|Born||9 November 1924|
Murapaka, Srikakulam, India
|Other names||Kara Mastar|
Kalipatnam was born in 1924 in Ponduru, Srikakulam, India. He worked as a teacher for many years at St. Anthony's High School in Visakhapatnam and retired in 1979. Inspired by ,Kalipatnam Rama Rao, writer Yandamuri Veerendranath began his writing career. He considers him as Guru. Rama Rao's stories reflect the trials, tribulations, and occasionally the triumphs of life among the middle and lower classes of people in society. Kalipatnam is especially known for his psychological insights and his incisive analytical abilities regarding the social, economical, and political influences on daily life.
His first story, "Chitragupta", was a mini-story, written on the back of a postcard. He was not satisfied with his writing and stopped in 1955. After 8 years, he wrote "Teerpu" in 1963. He wrote many stories in the late 1960s following Teerpu", including "Yagnam", "mahadaaseervacanamu", "veerudu-mahaveerudu", "Adivaram", "Himsa", "No room", "Sneham", "Arthi", "Bhayam", "Santhi", "Chavu", "Jevvana dhara", and "Kutra". After writing "Kutra", he stopped writing. He has said that in his early days he would write a lot, but would not send them for publication as he wasn't happy with what he wrote. In later days, he wrote about one or two stories a year. His stories have since been translated into various foreign languages including Russian and English.
Kalipatnam was also a member of the executive committee of the Viplava Rachayitala Sangham. He won the "Central Cultural Academy award" in 1995, and was felicitated by Loknayak foundation (Visakhapatnam) on 18 January 2008.
In the last 15 years, Kalipatnam was active in publishing short story anthologies of other writers. He was in US in 1993, as a guest of the 9th TANA Conference - World Telugu Convention in New York (Dr. Kalasapoodi Sreenivassa Raavu and Yerramilli Padmaavathi of the literary committee were instrumental in bringing him there). This year, Kalipatnam's 90th birth anniversary was celebrated by his fans around AP. At that time, he hinted that he may start writing again.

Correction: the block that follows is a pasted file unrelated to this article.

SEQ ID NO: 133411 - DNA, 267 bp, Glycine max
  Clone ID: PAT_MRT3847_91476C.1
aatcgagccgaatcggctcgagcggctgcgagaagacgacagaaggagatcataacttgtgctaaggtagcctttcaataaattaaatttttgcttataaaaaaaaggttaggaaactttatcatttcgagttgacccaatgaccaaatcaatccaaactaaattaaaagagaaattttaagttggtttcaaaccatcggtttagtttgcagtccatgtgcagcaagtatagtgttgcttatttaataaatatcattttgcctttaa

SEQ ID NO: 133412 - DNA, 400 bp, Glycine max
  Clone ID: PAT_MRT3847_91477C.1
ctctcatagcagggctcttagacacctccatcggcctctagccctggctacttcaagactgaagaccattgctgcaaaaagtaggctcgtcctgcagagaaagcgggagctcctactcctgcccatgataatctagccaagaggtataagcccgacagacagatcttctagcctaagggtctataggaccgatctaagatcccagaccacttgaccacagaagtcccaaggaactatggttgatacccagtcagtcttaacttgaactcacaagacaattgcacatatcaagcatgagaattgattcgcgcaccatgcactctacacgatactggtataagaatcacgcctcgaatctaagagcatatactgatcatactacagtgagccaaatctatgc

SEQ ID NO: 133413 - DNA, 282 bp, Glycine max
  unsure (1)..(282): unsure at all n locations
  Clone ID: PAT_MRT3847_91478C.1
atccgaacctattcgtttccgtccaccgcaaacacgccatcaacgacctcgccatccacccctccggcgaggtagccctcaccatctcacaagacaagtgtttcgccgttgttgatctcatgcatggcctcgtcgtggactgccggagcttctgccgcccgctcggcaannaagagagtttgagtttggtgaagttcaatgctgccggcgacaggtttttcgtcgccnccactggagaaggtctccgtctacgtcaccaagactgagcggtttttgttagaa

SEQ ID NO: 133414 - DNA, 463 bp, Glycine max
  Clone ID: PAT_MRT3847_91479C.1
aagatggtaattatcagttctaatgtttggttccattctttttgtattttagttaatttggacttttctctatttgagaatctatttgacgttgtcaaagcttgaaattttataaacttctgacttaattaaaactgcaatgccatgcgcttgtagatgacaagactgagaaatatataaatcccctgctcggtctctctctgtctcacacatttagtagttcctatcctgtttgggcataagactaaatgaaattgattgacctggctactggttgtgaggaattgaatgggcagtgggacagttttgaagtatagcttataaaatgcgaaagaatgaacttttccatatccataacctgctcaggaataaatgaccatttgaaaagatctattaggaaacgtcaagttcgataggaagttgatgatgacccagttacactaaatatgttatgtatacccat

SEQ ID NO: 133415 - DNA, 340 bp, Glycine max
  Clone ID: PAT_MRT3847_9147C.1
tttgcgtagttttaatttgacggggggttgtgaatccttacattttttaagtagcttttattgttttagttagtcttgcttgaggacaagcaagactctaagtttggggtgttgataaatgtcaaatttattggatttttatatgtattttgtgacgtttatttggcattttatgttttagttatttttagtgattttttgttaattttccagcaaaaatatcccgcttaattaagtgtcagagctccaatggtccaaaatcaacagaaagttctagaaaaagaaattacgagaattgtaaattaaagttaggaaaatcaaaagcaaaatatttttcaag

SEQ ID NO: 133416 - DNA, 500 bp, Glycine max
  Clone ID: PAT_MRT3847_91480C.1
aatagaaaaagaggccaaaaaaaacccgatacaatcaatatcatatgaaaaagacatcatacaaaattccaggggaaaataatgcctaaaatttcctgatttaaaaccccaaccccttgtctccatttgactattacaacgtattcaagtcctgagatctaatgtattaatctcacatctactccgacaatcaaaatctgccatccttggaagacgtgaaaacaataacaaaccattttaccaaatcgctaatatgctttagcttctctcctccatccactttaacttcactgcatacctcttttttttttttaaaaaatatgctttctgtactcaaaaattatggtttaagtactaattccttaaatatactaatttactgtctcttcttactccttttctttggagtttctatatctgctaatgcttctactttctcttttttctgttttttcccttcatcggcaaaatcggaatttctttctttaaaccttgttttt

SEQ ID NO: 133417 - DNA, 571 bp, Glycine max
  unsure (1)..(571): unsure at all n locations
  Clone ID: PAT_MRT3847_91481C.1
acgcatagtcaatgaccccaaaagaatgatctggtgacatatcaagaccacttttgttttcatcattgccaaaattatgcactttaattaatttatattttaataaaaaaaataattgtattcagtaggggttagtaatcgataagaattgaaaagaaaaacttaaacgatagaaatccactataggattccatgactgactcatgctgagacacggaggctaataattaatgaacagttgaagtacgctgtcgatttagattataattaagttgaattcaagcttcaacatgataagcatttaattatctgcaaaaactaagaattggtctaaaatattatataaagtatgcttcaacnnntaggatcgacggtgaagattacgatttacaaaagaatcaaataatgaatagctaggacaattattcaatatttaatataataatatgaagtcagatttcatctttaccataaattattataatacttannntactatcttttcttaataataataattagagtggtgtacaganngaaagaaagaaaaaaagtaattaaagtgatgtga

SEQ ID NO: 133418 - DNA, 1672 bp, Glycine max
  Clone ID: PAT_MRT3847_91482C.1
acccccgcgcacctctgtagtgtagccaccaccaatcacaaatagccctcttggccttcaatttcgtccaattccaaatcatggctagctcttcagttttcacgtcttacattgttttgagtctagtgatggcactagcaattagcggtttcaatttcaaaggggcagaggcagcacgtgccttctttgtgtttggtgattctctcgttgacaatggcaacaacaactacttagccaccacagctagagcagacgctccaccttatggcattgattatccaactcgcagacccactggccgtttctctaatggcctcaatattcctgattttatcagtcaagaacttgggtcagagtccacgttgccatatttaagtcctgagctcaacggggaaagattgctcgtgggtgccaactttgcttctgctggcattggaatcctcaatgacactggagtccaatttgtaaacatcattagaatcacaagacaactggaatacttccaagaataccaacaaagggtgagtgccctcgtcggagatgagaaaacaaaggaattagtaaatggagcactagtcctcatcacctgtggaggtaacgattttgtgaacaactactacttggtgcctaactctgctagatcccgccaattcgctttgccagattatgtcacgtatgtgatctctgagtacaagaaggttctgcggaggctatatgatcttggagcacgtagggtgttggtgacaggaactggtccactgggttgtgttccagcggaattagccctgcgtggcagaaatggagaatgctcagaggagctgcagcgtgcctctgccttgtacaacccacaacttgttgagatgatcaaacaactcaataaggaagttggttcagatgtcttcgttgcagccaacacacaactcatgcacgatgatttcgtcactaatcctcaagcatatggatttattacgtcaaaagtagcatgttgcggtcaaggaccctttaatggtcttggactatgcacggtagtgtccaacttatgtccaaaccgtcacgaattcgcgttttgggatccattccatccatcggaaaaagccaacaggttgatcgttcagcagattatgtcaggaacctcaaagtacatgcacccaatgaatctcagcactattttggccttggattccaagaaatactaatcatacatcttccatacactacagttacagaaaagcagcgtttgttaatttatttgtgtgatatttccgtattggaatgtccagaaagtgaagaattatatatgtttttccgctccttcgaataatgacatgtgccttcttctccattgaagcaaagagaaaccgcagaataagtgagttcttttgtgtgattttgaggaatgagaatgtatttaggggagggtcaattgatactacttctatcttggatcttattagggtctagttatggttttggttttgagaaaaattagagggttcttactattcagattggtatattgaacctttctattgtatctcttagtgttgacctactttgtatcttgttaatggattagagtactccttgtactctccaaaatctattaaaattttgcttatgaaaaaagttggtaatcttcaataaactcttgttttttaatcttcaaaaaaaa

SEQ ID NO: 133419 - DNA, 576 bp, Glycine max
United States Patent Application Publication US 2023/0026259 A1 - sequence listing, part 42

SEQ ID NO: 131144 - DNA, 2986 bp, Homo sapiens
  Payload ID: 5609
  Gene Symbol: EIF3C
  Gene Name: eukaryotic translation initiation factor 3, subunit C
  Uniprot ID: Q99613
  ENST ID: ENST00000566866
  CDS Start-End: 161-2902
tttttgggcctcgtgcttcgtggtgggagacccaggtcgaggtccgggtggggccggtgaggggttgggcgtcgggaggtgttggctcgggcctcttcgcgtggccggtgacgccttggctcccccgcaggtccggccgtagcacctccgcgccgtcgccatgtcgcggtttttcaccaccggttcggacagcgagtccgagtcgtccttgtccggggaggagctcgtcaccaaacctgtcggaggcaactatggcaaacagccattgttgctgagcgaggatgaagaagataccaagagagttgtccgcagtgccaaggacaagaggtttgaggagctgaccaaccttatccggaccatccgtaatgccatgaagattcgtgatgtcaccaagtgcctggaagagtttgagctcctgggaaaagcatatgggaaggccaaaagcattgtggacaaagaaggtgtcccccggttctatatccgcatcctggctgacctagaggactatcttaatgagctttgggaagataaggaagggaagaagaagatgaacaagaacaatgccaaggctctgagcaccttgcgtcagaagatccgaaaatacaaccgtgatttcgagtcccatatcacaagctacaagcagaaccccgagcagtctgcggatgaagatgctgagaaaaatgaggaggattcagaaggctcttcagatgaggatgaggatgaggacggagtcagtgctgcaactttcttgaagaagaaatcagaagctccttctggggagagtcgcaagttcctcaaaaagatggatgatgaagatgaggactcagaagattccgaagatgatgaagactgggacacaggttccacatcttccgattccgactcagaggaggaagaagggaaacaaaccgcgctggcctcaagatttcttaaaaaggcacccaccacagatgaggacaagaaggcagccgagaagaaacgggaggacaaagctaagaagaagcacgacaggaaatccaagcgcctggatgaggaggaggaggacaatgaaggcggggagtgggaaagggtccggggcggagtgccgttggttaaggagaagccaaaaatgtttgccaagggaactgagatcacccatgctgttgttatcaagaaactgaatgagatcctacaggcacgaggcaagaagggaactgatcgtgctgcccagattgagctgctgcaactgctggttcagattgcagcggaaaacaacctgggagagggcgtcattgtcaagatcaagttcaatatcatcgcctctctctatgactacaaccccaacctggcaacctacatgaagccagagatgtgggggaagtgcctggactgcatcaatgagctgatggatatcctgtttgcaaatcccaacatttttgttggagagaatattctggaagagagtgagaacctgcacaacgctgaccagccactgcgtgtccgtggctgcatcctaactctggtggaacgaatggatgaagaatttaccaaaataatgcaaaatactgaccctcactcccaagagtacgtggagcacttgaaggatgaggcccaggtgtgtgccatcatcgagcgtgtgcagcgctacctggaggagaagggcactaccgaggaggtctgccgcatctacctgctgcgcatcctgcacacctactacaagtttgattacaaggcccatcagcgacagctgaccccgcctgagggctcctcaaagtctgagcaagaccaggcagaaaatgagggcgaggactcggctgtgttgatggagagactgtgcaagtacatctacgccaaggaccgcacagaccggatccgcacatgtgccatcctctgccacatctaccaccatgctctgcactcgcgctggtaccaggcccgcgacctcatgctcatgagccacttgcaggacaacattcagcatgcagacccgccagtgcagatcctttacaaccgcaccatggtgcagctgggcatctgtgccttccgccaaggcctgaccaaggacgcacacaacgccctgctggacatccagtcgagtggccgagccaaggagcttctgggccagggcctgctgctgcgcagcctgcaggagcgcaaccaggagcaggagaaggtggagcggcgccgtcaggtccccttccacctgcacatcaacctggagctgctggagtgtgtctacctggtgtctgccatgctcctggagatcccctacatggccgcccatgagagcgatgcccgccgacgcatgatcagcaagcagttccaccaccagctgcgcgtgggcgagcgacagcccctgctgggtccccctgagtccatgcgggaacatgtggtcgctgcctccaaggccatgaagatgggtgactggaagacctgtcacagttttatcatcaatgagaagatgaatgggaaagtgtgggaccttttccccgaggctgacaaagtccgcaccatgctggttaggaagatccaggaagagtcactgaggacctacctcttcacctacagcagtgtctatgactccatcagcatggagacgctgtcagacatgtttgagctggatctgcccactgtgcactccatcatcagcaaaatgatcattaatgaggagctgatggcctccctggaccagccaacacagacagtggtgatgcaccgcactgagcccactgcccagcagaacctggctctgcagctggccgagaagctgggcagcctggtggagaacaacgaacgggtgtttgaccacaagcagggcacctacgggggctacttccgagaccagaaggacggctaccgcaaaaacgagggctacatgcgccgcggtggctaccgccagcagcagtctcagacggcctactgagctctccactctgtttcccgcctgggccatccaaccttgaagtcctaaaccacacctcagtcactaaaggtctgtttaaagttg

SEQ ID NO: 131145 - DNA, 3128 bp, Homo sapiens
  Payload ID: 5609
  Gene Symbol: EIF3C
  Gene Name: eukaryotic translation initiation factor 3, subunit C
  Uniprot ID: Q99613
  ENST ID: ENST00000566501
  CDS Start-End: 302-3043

Kalipatnam started Katha Nilayam on 22 February 1997 as a research center and library to pass on Telugu literature to subsequent generations. The center is located in Visakha 'A' colony in Srikakulam. Currently, the center houses more than 5000 weeklies, monthlies, and special additions, as well as a wide variety of Telugu magazines.
- Yagnam (Telugu:యజ్ఞం) (Novel)
- Abhimanalu (Telugu:అభిమానాలు)
- Ragamayi (Telugu:రాగమయి)
- Jeevadhara (Telugu:జీవధార)
- Rutupavanaalu (Telugu:రుతుపవనాలు (Story))
- Stories of KARA mastar.
- History of Kalipatnam Ramarao
- Pradesh, Andhra (26 November 2011). "'Katha Nilayam' to go hi-tech". The Hindu. Retrieved 6 November 2012.
- The message of Loksabha speaker in the felicitaion of Kalipatnam ramarao Shri Kalipatnam Rama Rao, affectionately called ‘Ka Ra Mastaru’ in the Telugu literary world, is one such luminary who has had an ennobling literary career spanning nearly six decades. .. Shri Rama Rao’s writings reflect the social milieu of his own moorings, of the real life, experiences and difficulties he encountered in his younger days. It is these real-life experiences that equipped him to view the society around him with a critical eye, distancing himself from the class and caste system prevalent then and with immense love and affection for the poor and the downtrodden. His great story ‘Yagnam’ which he wrote way back in 1964, for which he was honoured with the prestigious the Central Sahitya Academy Award, poignantly depicted the feudal set up in a village. Shri Rama Rao’s stories are indeed incisive reflections on the social structure, conditions and class system of the times which unfortunately conditioned social behaviour and preferences than other higher values. In fact, Shri Rama Rao’s stories have left a deep impact on the readers and his felicitous writings have won him a very large number of admirers. Thanks to the translation of his works into Russian, English and many Indian languages, his stories have touched a deep chord among people far and wide.
- Prasada Sarma, G.V. (1 December 2000). "Unique effort to preserve Telugu fiction". The Hindu. Retrieved 6 November 2012.
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